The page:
My Road from Damascus Book Club Guide
Are you part of a book club or looking to start one? My Road from Damascus by Jamal Saeed makes a great book club pick!
Humorous, witty, horrific, and poetic, Jamal Saeed’s story is Syria’s story: surviving 12 years in brutal military prisons, an enchanted childhood, his loves, Syria’s deadly upheavals, and his family’s escape.
Book Club Questions
My Road from Damascus suggests that a writer may move freely within the space of their life rather than along a chronologically arranged line of experiences, creating scenes in which childhood and old age are juxtaposed. We can say the same about sorrows, joys, despair, and hope. How do you view this type of narration and the effect it has?
- Many imaginary things permeate My Road from Damascus: the writer watches clouds and reads them in different ways at different ages; he imagines the crowd in cell #7 as a forgotten, vivid Goya painting; he runs a bank of little stones in a solitary cell; and there is a public exhibition of chess, where he occupies many roles, including two competitors, an audience, and a commentator. The writer believes that this kind of “madness” helped keep him sane. The imaginary appears to be part of the real world and has a function in the life of the writer as a rural child, as a prisoner, and as a refugee. What does the intersection of the imaginary world and real world in the book mean to you? Do you think that the imaginary plays an important role in “real” life?
My Road from Damascus presents the sharp paradoxes that occur in countries ruled by repressive regimes. At one point, Jamal enters a government office and is welcomed by Antun Maqdisi, the well-known director of the Department of Composition and Translation in the ministry of culture. “You will be for Syria what Maupassant was for France,” Maqdisi tells Jamal. Just 18 hours later, Jamal is arrested and Brigadier Mustafa al-Tajer, the head of a military investigation branch, tells Jamal his fate is to become dog food. What do paradoxes of this nature mean to you as a reader?
- The book explores turning points in Syrian history, such as its union with Egypt, the Six-Day War, the coup that lead to the regime of Assad the father, the succession of Assad the son, and the demonstrations of 2011; it also contains everyday details like meetings between poor people in their homes or on the street. Readers, here, find history outside of situation rooms, outside of the propaganda and demagogy of radio stations, newspapers, and television. Jamal Saeed presents unofficial history, or “history from below.” How does this book contribute to clarifying ambiguous images about Syria?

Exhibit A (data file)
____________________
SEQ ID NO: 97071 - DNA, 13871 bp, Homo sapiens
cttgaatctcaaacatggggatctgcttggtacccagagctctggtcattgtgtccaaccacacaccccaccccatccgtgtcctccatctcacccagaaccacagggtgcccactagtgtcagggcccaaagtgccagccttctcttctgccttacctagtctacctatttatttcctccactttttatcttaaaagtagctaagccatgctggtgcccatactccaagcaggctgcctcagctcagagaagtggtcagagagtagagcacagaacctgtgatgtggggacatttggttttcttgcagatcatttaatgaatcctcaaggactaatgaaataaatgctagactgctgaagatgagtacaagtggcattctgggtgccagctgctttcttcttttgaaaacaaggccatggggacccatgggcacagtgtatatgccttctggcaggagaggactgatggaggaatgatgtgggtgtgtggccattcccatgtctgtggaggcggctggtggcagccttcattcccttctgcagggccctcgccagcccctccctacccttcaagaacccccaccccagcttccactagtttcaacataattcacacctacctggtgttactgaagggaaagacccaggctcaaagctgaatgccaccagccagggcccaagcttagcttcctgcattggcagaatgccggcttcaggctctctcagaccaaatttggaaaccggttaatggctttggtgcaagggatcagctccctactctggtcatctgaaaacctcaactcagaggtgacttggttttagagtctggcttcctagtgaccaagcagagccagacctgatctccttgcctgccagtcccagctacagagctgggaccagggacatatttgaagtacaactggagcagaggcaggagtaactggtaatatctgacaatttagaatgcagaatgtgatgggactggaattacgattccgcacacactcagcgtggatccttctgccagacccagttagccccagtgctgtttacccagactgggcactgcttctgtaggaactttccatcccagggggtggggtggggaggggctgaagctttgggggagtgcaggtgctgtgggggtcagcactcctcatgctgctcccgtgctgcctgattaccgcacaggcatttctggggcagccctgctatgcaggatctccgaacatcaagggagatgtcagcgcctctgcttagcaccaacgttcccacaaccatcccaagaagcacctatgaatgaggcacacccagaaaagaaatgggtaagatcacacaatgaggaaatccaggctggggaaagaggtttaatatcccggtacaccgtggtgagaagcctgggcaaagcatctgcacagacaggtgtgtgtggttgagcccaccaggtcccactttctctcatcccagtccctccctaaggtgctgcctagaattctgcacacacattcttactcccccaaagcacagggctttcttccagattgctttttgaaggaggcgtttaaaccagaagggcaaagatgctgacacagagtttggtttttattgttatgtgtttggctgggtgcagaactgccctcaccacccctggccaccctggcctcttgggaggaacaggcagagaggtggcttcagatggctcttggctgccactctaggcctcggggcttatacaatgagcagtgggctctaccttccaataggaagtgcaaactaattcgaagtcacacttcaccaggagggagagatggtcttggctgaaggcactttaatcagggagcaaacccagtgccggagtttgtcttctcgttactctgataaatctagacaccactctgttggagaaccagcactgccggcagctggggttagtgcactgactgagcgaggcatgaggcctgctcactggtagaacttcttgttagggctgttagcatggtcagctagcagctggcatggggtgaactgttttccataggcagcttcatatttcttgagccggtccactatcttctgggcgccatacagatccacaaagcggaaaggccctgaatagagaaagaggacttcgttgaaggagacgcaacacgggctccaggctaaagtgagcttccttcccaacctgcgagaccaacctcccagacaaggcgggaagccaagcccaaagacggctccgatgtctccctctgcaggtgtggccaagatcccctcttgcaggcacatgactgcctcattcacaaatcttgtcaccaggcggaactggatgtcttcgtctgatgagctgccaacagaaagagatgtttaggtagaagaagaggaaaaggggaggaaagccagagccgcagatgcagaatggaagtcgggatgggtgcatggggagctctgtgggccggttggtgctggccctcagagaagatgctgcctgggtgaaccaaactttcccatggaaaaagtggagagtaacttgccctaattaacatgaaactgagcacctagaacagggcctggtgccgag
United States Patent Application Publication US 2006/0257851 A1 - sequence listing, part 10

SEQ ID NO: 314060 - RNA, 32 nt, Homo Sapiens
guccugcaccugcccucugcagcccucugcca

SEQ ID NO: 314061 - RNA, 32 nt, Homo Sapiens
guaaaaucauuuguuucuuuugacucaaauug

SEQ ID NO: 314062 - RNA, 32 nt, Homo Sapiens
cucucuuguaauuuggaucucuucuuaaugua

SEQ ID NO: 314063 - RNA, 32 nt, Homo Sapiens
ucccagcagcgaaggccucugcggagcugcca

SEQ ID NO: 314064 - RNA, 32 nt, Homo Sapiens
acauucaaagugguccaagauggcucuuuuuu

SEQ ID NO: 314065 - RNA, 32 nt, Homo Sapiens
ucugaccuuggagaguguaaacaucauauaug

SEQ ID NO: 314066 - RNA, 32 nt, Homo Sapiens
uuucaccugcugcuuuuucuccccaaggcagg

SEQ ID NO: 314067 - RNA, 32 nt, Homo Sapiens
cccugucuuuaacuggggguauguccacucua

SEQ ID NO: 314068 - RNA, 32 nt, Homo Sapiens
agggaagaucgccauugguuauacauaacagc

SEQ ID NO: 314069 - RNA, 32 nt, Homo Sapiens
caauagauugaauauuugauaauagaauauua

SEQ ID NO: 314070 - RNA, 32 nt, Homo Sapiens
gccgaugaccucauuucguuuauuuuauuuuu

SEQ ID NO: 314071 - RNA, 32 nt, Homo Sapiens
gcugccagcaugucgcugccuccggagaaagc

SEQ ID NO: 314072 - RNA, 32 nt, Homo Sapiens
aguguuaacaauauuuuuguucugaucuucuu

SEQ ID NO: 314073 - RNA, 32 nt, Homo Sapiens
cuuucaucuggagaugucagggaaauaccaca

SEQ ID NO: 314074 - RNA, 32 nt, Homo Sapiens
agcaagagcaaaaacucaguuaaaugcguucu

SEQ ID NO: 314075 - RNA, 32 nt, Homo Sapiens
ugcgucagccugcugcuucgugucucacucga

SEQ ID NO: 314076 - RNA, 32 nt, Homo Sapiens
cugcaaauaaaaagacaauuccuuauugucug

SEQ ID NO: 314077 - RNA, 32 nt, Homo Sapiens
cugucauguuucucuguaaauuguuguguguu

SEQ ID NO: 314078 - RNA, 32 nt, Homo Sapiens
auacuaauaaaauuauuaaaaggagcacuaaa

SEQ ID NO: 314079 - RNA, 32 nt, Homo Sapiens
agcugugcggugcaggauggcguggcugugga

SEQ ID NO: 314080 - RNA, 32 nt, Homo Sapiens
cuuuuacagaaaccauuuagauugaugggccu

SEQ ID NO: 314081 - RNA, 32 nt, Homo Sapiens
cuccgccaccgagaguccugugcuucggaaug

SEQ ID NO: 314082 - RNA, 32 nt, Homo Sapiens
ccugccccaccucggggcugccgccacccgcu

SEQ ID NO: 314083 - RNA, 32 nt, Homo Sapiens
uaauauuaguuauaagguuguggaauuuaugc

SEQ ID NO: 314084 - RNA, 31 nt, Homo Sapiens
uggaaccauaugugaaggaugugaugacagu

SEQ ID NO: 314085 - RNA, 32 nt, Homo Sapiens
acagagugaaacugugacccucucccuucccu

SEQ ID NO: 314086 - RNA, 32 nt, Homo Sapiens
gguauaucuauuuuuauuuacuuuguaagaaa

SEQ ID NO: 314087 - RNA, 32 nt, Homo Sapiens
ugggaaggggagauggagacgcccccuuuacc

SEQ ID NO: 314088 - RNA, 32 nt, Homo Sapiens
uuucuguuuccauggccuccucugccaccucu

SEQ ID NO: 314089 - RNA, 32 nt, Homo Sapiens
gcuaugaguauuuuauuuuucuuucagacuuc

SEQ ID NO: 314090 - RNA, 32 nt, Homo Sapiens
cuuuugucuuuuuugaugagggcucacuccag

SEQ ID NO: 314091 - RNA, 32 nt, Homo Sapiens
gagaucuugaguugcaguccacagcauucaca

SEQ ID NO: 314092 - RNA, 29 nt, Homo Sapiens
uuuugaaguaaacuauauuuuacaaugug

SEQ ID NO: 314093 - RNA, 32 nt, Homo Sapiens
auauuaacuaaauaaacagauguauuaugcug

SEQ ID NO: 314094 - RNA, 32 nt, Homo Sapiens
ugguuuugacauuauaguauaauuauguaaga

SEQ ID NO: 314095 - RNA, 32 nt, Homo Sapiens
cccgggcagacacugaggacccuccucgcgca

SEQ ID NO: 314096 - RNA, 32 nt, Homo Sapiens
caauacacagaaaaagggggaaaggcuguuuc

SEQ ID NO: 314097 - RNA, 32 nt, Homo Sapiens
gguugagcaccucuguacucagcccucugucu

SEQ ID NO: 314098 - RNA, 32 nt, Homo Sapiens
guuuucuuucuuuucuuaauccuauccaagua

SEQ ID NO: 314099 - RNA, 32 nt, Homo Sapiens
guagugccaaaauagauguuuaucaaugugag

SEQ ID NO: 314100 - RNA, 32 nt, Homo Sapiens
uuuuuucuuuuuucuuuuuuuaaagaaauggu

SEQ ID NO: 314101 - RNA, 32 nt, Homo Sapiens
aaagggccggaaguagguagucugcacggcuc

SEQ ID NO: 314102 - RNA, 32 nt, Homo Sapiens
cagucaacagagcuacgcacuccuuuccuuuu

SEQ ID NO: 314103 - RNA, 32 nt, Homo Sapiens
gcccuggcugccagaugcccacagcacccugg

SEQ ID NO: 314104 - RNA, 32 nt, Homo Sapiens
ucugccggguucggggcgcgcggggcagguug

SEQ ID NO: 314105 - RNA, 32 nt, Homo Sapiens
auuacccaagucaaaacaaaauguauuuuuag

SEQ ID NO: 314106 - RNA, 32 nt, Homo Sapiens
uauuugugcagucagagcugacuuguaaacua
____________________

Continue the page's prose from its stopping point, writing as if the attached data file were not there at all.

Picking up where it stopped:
- The writer wanted to share his inner world, so My Road from Damascus is not a journalistic account. Instead, he uses the techniques of a novel to narrate and present poetic scenes in several places: the child wants to hear the voice of God; in living love, the lover sees the meaning of the word holy; and the refugee who dances around an apple bush when it is raining remembers his father’s description of rain as music to make the earth happy. What do you think about the use of poetic scenes in memoir?
- The writer expresses love for his childhood and youth, and the country in which he lived for more than half a century, but he distinguishes between his love for the river near his village, his father’s orchard, his home on a hill in the city of Damascus, and his concept of homeland. On the Lebanese-Syrian border, he mocks official papers and seals, and notes that birds, lizards, flies, and butterflies cross in both directions without the need for passports or stamps. How do you see the concept of homeland in My Road from Damascus?
- The writer brings his past to Canada and once there tries to rid himself of the effects of torture. He survived some of the worst prisons in the world. He attempts to heal himself by howling on the shores of Lake Ontario, like a wounded wolf, and by writing about the traumas he’s experienced. Discuss Saeed’s healing mechanisms.
- In a memoir full of pain, Jamal Saeed deftly explores the idea of love on many levels. Talk about the love stories — how does reading them make you feel when they’re juxtaposed with such darkness?
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